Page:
For two consecutive days, Fox & Friends has attempted to tie a recently released report by the independent Institute of Medicine to President Obama's health care law in their never-ending quest to claim that the law will cost taxpayers more money than independent estimates have demonstrated that it will.
The Institute of Medicine report, released on April 10, makes a series of recommendations about how the United States health care system can focus on providing preventative care to a much wider group of health care consumers, in an attempt to reduce the cost burden of clinical care for chronic disease. But in a bizarre stretch of logic, the co-hosts of Fox & Friends repeatedly tried to tie one of the policy recommendations issued by this independent research organization to the health care law that was passed more than two years ago, even after it was explained to them that the two have nothing to do with each other.
The report outlined the poor state of public health funding in America and issued a series of recommendations to increase funding for preventative care (the full report is available for purchase from the National Academies). The accompanying press release explains that "chronic diseases that drive the bulk of U.S. health spending are conditions that could be decreased or prevented through the initiatives, services, and expertise that public health departments provide." The Institute issued several recommendations for equalizing some of the imbalance in funding between clinical and preventive care, one of which, according to a prepublication copy of the report, is a 2 percent "transaction tax" on health care services. The report acknowledged that "there could be objections that the tax increases health care costs" but noted that "it has the potential to reduce the need for clinical care."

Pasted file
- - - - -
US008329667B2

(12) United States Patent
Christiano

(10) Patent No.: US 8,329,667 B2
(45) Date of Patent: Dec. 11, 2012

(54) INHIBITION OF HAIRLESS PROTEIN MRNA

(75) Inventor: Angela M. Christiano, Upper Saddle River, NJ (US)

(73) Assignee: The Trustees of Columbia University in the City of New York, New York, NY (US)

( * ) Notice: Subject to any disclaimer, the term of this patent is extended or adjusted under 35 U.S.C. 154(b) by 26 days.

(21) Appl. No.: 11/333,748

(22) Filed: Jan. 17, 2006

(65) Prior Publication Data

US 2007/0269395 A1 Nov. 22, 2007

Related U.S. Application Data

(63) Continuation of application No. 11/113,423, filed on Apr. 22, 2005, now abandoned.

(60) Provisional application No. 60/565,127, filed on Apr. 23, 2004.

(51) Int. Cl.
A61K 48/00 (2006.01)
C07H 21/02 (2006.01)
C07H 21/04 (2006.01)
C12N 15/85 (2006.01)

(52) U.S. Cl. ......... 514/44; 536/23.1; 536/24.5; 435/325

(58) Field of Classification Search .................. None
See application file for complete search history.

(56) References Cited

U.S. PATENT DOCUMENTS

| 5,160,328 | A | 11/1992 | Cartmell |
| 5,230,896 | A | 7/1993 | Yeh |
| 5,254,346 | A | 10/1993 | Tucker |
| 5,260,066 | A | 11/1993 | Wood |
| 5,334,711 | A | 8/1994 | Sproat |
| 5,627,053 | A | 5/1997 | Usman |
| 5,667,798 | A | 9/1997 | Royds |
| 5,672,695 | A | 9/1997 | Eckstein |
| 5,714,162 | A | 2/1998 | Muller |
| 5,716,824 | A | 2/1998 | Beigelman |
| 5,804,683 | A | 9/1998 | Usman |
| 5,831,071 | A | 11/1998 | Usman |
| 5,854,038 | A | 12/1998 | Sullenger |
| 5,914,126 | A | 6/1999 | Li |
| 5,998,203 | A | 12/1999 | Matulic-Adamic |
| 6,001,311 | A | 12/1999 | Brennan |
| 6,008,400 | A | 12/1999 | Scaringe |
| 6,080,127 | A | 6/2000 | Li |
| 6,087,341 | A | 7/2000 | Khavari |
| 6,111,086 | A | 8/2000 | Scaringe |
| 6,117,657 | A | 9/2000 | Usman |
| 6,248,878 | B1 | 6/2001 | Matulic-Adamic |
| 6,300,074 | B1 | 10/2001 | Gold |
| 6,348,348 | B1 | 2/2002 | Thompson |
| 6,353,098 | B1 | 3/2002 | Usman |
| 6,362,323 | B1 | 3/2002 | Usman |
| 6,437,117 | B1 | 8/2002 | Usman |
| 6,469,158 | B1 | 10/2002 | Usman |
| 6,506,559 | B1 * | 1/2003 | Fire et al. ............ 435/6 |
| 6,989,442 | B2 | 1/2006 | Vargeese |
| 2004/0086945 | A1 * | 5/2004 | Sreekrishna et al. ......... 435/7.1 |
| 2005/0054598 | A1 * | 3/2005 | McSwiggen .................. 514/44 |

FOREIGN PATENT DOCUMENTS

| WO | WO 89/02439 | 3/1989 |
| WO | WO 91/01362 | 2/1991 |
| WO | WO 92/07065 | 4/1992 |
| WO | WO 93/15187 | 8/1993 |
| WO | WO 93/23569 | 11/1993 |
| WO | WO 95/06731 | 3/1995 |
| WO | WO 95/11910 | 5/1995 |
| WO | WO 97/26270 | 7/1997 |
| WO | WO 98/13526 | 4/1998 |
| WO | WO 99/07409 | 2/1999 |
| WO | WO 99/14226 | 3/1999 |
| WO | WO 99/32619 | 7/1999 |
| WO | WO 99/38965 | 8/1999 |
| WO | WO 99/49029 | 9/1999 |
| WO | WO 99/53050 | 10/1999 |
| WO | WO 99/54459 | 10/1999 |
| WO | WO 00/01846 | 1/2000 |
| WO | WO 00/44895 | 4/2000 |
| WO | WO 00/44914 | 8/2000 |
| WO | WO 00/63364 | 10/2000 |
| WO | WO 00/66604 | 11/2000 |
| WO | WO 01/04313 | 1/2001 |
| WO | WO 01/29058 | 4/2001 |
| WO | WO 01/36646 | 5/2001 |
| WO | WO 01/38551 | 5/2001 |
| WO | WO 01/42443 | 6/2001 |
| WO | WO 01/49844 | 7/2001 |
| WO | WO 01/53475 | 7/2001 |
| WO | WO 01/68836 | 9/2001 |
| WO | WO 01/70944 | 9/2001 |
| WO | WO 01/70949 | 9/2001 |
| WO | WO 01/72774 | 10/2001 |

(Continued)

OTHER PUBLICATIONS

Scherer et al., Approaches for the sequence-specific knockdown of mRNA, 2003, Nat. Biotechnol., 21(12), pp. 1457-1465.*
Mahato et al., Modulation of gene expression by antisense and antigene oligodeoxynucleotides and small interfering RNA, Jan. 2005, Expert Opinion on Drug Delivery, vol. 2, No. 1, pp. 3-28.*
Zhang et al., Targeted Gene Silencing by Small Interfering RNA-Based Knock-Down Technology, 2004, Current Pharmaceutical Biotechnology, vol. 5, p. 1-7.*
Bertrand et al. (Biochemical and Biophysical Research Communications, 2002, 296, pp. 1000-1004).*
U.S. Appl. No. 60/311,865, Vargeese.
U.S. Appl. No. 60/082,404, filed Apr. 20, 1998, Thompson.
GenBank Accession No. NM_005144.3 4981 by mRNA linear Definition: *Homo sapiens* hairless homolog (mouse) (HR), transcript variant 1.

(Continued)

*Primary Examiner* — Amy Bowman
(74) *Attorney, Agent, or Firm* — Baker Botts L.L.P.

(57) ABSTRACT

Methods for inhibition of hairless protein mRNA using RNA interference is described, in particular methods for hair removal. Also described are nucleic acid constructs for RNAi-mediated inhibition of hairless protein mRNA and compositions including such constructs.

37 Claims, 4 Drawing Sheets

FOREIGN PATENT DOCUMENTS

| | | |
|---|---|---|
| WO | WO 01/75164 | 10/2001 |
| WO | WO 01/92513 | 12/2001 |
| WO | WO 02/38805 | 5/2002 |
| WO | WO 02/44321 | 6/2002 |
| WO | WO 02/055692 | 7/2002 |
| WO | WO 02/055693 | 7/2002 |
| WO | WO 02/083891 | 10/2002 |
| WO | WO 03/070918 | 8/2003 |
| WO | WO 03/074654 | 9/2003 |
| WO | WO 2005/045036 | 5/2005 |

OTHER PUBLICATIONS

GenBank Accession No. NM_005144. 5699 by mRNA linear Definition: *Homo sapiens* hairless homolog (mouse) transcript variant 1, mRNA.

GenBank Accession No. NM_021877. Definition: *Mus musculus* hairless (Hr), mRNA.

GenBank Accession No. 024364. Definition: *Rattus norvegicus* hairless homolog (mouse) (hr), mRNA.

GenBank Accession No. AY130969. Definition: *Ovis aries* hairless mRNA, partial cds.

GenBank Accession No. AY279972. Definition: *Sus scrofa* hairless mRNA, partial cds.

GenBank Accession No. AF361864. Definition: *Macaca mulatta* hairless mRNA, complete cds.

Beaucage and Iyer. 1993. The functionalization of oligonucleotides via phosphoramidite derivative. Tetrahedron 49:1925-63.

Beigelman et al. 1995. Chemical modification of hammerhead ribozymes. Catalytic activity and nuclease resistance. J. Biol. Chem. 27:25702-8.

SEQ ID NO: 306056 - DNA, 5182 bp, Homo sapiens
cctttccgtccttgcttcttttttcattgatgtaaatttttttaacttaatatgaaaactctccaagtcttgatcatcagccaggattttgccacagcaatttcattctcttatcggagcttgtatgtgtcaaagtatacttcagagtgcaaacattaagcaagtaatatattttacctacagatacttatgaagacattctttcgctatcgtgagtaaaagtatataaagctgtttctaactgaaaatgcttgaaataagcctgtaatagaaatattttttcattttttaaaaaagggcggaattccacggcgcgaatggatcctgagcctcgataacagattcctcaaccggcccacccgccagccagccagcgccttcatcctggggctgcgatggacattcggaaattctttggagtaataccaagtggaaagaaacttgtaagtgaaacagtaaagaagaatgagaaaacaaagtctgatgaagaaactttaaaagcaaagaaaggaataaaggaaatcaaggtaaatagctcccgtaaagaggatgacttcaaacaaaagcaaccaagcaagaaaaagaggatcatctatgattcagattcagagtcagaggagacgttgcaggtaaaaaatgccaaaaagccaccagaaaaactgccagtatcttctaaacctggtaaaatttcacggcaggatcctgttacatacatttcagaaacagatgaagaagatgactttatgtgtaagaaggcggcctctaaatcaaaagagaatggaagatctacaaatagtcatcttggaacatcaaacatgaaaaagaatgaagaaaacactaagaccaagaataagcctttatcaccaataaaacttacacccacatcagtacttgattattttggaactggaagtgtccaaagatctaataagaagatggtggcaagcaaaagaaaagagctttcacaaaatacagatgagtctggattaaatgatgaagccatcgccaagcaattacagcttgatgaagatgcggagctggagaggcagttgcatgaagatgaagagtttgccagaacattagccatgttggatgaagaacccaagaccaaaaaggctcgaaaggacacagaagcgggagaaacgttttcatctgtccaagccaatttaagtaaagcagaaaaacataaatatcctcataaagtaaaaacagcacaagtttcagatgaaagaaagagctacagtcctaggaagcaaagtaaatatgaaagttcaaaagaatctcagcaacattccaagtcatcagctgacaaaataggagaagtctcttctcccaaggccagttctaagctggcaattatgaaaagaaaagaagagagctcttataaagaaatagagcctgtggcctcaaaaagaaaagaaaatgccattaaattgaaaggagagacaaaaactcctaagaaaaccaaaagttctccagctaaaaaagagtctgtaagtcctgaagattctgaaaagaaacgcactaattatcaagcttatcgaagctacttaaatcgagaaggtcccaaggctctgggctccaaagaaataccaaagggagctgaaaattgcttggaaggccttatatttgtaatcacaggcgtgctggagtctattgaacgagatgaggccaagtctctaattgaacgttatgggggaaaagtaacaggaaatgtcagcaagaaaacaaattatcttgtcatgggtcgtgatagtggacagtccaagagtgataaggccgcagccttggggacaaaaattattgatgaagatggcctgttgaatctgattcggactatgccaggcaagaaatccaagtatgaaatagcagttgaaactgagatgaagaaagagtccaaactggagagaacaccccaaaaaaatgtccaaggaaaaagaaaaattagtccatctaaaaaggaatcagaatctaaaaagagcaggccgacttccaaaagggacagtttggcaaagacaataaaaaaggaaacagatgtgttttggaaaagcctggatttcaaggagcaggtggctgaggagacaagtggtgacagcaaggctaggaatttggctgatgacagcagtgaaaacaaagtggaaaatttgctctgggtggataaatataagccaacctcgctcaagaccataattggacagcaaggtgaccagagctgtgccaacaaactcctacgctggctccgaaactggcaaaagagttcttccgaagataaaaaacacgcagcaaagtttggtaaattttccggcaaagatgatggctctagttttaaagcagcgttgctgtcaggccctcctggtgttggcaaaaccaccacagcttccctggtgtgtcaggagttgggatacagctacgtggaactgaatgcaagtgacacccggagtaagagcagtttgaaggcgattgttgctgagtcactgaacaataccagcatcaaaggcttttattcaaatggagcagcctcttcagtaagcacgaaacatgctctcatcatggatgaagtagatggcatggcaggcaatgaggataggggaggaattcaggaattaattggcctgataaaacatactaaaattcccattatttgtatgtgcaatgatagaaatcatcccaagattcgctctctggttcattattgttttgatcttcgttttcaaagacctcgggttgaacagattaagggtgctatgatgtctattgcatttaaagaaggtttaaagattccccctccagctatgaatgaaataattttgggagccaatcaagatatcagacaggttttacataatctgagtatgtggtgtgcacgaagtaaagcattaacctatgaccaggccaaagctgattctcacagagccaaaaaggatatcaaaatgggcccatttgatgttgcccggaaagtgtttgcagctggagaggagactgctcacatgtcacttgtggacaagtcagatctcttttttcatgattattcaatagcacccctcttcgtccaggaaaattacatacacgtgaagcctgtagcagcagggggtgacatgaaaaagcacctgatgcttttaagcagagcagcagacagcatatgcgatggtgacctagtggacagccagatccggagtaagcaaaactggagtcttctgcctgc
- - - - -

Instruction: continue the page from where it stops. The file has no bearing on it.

Rather than evaluate the recommendation on its merits, however, Fox & Friends used the report, which was issued by a nongovernmental research group, to attack the Affordable Care Act (ACA), suggesting that this specific recommendation was somehow an aspect of the health care law that was hidden from taxpayers. Co-host Gretchen Carlson began the speculation by claiming on Monday's broadcast that "the president said his new health care law wouldn't cost you a dime" but that "may not be true now." Later, during a segment with Florida International University professor and tea party supporter Elizabeth Price Foley, a critic of the Institute's recommendation, Carlson asked if the tax was "something that the lawmakers didn't bother to read before they passed the bill, or is this just something that was a result of it after it was passed."
Even after Foley explained to the co-hosts that "this isn't law yet; this is just an expert report from the Institute of Medicine," the Fox & Friends co-hosts persisted in attempting to tie the tax to the ACA, with co-host Brian Kilmeade repeating the line on today's show: "The president says his new health care law wouldn't cost you a dime. Well, hold that thought. A new tax being considered would hit every time you go to the doctor or pharmacy." Later on the show, co-host Steve Doocy reacted to Fox News contributor Laura Ingraham's attack on the tax by saying, "We have to pass the thing to see what's in it."
Fox News, and Fox & Friends in particular, has never restricted its health care attacks to the reasonable or accurate. This latest attack - criticizing the health care law for a recommendation made by an independent source more than two years after its passage - is no different.